Seven Wonders of Leuven

You’ve heard of the Seven World Wonders, but have you heard of the Seven Leuven Wonders? Some of them have sadly been demolished throughout the years, but you are still able to visit some of the others.

The tower without nails – Saint Gertrude’s Church

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You heard it right! The tower of the Saint-Gertrudechurch was built without using a single nail! This is because it is a solid, bluestone tower, they did not use any wood or roof tiles. As a result you can watch through the stone skeleton of the tower.

The churchbell outside of the tower – Saint Jacob’s Church

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As you can see, the churchbell is hanging outside of the churchtower. Throughout the years a couple of stories have tried to explain this odd architectural choice. The explanation of the first story is fairly is simple: it is just so the people of the parish could hear the bell ring better. The argument in the second story is that the bell had not been consecrated and so it could impossibly be placed on the inside of the church. The third and last story is a bit similar. It says that the bell was a gift from the socialists, but socialists and catholics didn’t have the best relation in the past, so it could not be placed on the inside of the church. Which story do you think is (more likely to be) true?

The living walk beneath the dead – (Old) Saint Michael’s Church

Hoelstraatpoort, levenden onder doden
Thank you ‘Leuvense Historische Weetjes’ for finding this picture and allowing us to use it!(https://www.facebook.com/LeuvenseHistorischeWeetjes/)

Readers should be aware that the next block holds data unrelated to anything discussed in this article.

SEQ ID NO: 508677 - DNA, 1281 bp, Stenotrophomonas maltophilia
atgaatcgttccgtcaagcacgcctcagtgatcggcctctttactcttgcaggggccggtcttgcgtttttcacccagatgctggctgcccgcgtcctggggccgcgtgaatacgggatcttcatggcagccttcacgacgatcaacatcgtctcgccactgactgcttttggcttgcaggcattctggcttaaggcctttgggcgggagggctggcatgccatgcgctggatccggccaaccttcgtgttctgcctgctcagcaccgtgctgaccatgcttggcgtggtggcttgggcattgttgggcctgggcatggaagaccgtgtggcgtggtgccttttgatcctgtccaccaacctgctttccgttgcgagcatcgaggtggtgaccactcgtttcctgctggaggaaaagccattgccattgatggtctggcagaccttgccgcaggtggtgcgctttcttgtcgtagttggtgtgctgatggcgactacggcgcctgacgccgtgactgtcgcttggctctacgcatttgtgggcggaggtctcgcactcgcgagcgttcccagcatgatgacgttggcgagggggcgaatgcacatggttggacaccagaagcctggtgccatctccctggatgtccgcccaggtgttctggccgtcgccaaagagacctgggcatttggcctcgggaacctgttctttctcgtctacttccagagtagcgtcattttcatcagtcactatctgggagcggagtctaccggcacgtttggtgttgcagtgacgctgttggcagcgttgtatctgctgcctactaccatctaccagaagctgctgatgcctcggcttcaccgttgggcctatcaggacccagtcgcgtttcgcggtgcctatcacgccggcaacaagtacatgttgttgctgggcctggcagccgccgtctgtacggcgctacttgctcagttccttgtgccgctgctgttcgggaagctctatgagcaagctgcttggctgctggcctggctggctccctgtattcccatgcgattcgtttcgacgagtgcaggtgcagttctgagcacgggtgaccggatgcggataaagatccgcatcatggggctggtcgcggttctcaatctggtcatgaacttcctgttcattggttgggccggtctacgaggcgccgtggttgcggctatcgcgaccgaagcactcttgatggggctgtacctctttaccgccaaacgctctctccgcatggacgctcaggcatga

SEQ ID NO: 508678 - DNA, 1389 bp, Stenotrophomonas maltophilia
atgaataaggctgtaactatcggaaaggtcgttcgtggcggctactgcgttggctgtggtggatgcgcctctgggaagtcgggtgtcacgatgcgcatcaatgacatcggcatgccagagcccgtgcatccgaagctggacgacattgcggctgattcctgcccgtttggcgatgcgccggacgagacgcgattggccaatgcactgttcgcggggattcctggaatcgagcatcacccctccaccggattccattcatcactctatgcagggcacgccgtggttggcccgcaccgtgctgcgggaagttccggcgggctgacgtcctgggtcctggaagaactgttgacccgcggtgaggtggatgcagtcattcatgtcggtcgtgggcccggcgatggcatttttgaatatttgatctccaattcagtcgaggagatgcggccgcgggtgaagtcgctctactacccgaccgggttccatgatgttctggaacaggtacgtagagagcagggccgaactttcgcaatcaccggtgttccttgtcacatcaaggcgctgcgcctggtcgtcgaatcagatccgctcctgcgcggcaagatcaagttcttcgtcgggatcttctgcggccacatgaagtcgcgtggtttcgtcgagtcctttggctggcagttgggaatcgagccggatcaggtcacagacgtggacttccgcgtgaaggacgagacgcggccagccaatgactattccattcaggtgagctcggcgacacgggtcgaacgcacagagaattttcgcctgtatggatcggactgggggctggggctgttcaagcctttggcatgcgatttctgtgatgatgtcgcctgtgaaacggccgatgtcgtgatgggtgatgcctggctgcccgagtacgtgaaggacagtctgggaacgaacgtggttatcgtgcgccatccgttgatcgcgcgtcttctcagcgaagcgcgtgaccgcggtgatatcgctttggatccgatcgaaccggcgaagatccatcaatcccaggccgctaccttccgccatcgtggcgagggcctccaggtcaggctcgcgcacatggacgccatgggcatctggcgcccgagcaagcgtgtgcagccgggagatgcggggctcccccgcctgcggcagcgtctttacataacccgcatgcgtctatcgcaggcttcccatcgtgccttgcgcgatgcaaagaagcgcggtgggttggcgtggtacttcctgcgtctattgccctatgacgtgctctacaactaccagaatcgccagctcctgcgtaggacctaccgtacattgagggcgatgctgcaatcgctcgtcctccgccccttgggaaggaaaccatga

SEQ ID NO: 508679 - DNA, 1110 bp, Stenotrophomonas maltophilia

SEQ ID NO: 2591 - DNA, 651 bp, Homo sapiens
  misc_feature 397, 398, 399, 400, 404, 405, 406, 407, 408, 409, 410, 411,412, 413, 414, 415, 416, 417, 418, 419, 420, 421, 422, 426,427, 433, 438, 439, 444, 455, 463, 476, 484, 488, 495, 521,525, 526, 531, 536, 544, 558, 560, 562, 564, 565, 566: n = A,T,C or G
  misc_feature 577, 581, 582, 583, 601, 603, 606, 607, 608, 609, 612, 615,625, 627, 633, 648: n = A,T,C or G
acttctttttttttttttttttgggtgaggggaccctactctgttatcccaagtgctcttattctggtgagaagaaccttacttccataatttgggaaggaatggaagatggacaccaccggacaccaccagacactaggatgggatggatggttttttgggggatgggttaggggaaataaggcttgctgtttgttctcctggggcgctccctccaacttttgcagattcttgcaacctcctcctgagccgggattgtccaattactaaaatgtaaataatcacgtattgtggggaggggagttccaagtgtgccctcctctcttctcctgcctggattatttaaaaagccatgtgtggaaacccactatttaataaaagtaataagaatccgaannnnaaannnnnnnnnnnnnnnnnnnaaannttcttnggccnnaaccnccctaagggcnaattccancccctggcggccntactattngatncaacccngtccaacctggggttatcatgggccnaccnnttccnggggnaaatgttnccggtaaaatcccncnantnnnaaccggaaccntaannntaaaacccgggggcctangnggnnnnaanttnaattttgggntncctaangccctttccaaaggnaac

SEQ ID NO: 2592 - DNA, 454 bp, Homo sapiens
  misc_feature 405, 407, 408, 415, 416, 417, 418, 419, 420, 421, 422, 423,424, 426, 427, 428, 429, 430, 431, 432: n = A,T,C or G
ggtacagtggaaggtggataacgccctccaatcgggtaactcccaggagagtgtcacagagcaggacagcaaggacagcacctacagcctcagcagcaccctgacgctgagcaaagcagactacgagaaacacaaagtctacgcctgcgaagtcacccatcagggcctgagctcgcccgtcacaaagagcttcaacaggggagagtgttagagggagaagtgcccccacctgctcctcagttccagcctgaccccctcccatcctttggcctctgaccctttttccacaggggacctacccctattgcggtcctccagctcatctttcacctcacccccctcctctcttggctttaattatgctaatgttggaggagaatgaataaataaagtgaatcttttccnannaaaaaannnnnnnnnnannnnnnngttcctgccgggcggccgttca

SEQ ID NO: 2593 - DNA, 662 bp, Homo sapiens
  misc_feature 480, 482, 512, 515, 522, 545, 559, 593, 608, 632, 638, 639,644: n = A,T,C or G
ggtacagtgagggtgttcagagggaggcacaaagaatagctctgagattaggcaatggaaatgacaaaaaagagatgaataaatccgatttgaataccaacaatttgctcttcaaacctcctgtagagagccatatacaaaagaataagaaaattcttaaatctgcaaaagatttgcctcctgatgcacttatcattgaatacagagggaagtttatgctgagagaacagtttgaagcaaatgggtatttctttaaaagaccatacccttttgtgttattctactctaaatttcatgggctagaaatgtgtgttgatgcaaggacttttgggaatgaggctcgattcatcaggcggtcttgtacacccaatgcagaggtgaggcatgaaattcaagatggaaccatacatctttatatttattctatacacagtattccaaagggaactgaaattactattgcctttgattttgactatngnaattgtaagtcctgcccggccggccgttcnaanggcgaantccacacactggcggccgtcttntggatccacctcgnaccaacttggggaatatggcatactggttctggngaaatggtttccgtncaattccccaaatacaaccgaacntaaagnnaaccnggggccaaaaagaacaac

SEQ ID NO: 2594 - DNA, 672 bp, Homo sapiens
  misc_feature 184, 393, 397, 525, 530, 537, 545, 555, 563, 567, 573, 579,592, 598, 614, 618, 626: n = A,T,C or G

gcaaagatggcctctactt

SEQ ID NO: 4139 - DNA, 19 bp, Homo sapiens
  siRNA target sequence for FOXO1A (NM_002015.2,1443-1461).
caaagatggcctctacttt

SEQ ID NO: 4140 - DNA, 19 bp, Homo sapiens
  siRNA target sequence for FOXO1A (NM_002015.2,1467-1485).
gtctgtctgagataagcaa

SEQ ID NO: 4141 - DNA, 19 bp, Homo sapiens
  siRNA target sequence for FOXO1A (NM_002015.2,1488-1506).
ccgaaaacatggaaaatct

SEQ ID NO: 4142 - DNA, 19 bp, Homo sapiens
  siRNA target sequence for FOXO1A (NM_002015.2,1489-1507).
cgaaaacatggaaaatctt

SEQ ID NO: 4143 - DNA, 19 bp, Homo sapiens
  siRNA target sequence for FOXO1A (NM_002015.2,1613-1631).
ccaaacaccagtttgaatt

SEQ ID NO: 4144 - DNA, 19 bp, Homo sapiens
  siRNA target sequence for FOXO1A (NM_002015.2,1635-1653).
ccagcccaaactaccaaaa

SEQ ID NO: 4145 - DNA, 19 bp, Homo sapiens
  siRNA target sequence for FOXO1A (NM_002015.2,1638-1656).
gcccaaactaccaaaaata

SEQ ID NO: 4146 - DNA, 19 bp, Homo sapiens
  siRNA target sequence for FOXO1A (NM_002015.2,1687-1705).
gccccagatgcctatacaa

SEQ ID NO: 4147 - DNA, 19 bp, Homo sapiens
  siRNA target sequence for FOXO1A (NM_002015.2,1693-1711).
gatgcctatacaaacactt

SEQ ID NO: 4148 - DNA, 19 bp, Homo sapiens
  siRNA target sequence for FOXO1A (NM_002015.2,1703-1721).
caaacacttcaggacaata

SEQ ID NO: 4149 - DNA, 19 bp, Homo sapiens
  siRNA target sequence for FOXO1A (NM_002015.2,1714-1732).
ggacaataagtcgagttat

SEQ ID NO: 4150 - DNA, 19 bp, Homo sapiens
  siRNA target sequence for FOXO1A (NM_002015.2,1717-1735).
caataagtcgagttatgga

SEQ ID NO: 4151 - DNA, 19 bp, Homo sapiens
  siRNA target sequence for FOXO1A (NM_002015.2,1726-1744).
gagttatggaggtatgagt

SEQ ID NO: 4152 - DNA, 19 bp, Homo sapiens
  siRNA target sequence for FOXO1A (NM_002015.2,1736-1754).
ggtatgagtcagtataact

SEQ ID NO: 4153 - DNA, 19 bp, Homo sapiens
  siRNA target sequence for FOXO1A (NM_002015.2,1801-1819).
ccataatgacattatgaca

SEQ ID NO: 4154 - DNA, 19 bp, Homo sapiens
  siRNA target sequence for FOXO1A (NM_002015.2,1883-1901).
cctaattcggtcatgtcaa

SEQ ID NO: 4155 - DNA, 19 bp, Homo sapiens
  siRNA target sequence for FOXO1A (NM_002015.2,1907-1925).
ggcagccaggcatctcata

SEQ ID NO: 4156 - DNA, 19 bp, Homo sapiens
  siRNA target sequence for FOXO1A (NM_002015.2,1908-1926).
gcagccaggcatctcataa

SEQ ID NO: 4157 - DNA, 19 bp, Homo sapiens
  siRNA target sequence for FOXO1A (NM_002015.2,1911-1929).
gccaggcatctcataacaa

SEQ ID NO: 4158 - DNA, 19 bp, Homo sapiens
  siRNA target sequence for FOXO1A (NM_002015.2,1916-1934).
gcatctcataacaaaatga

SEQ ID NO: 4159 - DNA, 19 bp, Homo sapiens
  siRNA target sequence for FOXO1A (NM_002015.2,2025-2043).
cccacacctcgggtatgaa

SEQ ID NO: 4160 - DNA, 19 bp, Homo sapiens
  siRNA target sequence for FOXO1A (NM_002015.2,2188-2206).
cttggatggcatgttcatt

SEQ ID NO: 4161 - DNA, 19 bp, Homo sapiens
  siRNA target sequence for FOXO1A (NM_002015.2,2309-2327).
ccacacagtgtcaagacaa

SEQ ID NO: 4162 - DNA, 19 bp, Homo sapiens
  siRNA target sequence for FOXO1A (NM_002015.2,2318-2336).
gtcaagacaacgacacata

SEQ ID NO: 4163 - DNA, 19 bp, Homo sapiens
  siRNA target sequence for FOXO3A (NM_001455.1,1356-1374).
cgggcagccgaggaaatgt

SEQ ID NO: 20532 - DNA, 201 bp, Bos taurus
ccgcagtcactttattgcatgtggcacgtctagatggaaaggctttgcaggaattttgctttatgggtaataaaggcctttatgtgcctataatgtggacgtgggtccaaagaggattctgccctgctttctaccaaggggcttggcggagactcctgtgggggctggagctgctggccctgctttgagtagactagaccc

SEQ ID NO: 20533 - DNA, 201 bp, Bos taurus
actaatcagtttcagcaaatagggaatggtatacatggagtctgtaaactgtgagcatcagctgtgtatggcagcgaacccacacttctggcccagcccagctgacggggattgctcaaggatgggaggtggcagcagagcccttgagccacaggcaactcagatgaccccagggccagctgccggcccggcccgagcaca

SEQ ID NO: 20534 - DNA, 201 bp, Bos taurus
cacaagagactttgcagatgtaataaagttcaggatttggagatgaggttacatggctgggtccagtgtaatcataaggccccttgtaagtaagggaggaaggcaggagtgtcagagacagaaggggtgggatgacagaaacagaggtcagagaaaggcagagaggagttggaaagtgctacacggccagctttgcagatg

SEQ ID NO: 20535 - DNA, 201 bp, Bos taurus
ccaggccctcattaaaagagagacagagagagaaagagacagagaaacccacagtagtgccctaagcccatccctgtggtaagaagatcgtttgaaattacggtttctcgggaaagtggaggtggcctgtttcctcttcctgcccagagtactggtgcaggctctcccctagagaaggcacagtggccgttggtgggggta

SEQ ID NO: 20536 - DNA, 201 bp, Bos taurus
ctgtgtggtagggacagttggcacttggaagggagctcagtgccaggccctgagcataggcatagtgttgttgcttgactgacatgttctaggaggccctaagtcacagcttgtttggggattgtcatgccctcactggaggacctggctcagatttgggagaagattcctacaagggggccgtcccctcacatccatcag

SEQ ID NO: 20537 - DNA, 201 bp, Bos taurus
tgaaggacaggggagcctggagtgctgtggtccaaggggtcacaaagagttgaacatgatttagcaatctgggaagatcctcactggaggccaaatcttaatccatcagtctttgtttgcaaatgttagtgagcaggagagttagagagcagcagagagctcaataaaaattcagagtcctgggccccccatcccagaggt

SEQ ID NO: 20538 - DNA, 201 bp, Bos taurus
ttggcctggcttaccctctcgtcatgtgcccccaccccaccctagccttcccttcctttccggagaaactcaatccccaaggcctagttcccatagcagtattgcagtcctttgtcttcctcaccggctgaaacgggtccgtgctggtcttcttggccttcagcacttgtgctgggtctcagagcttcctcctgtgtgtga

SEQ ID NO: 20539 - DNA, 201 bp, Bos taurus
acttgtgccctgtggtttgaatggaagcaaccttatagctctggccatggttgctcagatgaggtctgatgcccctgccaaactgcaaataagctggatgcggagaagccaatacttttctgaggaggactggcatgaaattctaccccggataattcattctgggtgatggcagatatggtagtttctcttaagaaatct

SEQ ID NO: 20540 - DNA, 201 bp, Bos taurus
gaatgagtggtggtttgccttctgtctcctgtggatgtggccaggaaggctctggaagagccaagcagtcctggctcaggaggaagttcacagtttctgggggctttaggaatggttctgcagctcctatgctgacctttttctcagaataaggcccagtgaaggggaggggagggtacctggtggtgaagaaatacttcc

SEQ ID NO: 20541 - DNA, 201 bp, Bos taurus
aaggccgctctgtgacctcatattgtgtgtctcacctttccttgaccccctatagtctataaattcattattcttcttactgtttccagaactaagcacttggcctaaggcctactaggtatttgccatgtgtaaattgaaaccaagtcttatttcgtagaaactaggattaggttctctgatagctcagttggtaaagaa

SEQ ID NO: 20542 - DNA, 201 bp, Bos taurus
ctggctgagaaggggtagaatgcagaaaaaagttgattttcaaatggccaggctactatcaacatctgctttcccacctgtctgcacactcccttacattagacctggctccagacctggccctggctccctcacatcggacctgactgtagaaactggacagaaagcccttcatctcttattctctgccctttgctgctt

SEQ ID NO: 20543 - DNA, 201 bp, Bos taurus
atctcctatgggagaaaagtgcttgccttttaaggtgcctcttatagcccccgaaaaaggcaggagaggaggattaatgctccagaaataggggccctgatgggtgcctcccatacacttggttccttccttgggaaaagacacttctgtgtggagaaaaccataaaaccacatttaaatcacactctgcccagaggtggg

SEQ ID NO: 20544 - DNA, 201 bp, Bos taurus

The previous Saint-Michael’s Church of Leuven was a Romanesque church in the Tiensestraat. The church, the old city wall and the old city gate (the Hoelstraatpoort) were all closely connected, and part of the cemetery was placed on top of the old city gate. As a result, the living people walked underneath the dead. The church got destroyed in 1781 because it became more and more dilapidated.

The water runs against the stream

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The river Dijle streams throughout the entire city of Leuven. It separates into many branches and therefore the city constructed many locks all over the city to control the waterflow. They were able to control it to such an extent that they could make the water go upstream at the lock of the Oratoriënhof! The river branch where they were able to do this is now removed, so it is not possible anymore.  This explains part of the legend of Fiere Margriet (Proud Margaret). After her corpse was tossed into the river Dijle, it drifted upstream instead of downstream. This is how her murder got solved! If you want to learn more about this legend, we dedicated a post to it on our Facebook and Instagrampage on the 11th of October 2016.

People walk beneath the trees – Tervuursepoort

Mensen onder bomen Tervuursepoort
Thank you ‘Leuvense Historische Weetjes’ for finding this picture and allowing us to use it!(https://www.facebook.com/LeuvenseHistorischeWeetjes/)

It wasn’t only possible to walk beneath the dead in Leuven, it was also possible to walk beneath the trees. Seven elmtrees grew on top of the gatebuilding of the Tervuursepoort. The gate was completely removed in 1851 and there is nothing of it left nowadays.

The altar outside the church – Saint Michael’s Church

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The Saint-Michael’s Church in the Naamsestraat is the only Baroque church in Leuven between the majority of Gothic churches. Because it is the only Baroque church, the people of Leuven weren’t used to that much decoration. The façade of the church is so heavily decorated, that it resembles an altar.

The tower is lower than the church – Theresian Monastery, Tiensestraat

Toren lager dan kerk karmelietessen
Thank you ‘Leuvense Historische Weetjes’ for finding this picture and allowing us to use it!(https://www.facebook.com/LeuvenseHistorischeWeetjes/)

There used to be a Theresian monastery in the Tiensestraat. This monastery didn’t have a real tower attached to it like most monasteries do. It did have a really small bell tower however, as you can see here on this picture. It barely reaches the monastery’s roof. In 1783 the monastery was abolished and was used as a military barracks. This didn’t last very long, as the building was sold and destroyed in 1808.

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